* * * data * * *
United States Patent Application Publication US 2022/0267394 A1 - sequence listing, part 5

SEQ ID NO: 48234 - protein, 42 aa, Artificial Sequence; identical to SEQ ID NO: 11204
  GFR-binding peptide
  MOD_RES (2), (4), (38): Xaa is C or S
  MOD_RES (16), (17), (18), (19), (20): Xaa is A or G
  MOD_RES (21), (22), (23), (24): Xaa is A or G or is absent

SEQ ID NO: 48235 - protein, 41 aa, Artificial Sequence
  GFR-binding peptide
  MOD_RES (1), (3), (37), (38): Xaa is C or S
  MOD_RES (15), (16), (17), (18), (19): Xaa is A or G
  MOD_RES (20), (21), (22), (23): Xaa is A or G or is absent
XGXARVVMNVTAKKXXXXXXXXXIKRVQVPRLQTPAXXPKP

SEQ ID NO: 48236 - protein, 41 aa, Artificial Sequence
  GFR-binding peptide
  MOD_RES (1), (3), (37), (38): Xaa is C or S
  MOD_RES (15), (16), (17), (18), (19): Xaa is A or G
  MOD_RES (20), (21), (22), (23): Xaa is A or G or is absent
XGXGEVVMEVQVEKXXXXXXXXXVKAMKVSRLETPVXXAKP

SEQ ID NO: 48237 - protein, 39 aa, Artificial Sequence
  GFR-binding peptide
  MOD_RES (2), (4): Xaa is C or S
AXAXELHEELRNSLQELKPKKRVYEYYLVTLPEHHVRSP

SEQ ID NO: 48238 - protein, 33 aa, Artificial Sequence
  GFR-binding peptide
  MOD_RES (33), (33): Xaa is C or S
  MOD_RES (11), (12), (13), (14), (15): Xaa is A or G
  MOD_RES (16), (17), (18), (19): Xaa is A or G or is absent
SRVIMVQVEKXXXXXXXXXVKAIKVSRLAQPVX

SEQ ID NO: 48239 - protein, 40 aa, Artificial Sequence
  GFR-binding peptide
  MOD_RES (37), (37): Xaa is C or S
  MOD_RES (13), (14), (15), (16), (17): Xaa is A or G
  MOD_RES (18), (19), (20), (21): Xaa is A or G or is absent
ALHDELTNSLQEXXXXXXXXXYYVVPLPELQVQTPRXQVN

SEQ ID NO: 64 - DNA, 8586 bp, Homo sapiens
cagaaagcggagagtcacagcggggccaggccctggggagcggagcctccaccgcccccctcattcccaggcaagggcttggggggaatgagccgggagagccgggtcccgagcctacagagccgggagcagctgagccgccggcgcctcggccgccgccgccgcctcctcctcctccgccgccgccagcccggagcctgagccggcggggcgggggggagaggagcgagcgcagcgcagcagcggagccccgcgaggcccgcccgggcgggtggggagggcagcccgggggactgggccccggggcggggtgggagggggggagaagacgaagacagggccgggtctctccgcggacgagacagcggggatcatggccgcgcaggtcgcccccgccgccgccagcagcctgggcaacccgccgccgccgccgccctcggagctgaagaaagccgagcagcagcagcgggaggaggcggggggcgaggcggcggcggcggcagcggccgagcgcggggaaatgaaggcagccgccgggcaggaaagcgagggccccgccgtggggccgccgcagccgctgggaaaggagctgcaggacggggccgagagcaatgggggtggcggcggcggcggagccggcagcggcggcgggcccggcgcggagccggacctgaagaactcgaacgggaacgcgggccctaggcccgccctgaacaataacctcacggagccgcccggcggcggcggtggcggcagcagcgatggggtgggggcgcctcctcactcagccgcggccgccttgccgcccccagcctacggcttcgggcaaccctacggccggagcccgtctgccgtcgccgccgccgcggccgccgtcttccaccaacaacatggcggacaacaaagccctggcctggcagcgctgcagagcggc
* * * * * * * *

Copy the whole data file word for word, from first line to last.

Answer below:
United States Patent Application Publication US 2022/0267394 A1 - sequence listing, part 5

SEQ ID NO: 48234 - protein, 42 aa, Artificial Sequence; identical to SEQ ID NO: 11204
  GFR-binding peptide
  MOD_RES (2), (4), (38): Xaa is C or S
  MOD_RES (16), (17), (18), (19), (20): Xaa is A or G
  MOD_RES (21), (22), (23), (24): Xaa is A or G or is absent

SEQ ID NO: 48235 - protein, 41 aa, Artificial Sequence
  GFR-binding peptide
  MOD_RES (1), (3), (37), (38): Xaa is C or S
  MOD_RES (15), (16), (17), (18), (19): Xaa is A or G
  MOD_RES (20), (21), (22), (23): Xaa is A or G or is absent
XGXARVVMNVTAKKXXXXXXXXXIKRVQVPRLQTPAXXPKP

SEQ ID NO: 48236 - protein, 41 aa, Artificial Sequence
  GFR-binding peptide
  MOD_RES (1), (3), (37), (38): Xaa is C or S
  MOD_RES (15), (16), (17), (18), (19): Xaa is A or G
  MOD_RES (20), (21), (22), (23): Xaa is A or G or is absent
XGXGEVVMEVQVEKXXXXXXXXXVKAMKVSRLETPVXXAKP

SEQ ID NO: 48237 - protein, 39 aa, Artificial Sequence
  GFR-binding peptide
  MOD_RES (2), (4): Xaa is C or S
AXAXELHEELRNSLQELKPKKRVYEYYLVTLPEHHVRSP

SEQ ID NO: 48238 - protein, 33 aa, Artificial Sequence
  GFR-binding peptide
  MOD_RES (33), (33): Xaa is C or S
  MOD_RES (11), (12), (13), (14), (15): Xaa is A or G
  MOD_RES (16), (17), (18), (19): Xaa is A or G or is absent
SRVIMVQVEKXXXXXXXXXVKAIKVSRLAQPVX

SEQ ID NO: 48239 - protein, 40 aa, Artificial Sequence
  GFR-binding peptide
  MOD_RES (37), (37): Xaa is C or S
  MOD_RES (13), (14), (15), (16), (17): Xaa is A or G
  MOD_RES (18), (19), (20), (21): Xaa is A or G or is absent
ALHDELTNSLQEXXXXXXXXXYYVVPLPELQVQTPRXQVN

SEQ ID NO: 64 - DNA, 8586 bp, Homo sapiens
cagaaagcggagagtcacagcggggccaggccctggggagcggagcctccaccgcccccctcattcccaggcaagggcttggggggaatgagccgggagagccgggtcccgagcctacagagccgggagcagctgagccgccggcgcctcggccgccgccgccgcctcctcctcctccgccgccgccagcccggagcctgagccggcggggcgggggggagaggagcgagcgcagcgcagcagcggagccccgcgaggcccgcccgggcgggtggggagggcagcccgggggactgggccccggggcggggtgggagggggggagaagacgaagacagggccgggtctctccgcggacgagacagcggggatcatggccgcgcaggtcgcccccgccgccgccagcagcctgggcaacccgccgccgccgccgccctcggagctgaagaaagccgagcagcagcagcgggaggaggcggggggcgaggcggcggcggcggcagcggccgagcgcggggaaatgaaggcagccgccgggcaggaaagcgagggccccgccgtggggccgccgcagccgctgggaaaggagctgcaggacggggccgagagcaatgggggtggcggcggcggcggagccggcagcggcggcgggcccggcgcggagccggacctgaagaactcgaacgggaacgcgggccctaggcccgccctgaacaataacctcacggagccgcccggcggcggcggtggcggcagcagcgatggggtgggggcgcctcctcactcagccgcggccgccttgccgcccccagcctacggcttcgggcaaccctacggccggagcccgtctgccgtcgccgccgccgcggccgccgtcttccaccaacaacatggcggacaacaaagccctggcctggcagcgctgcagagcggc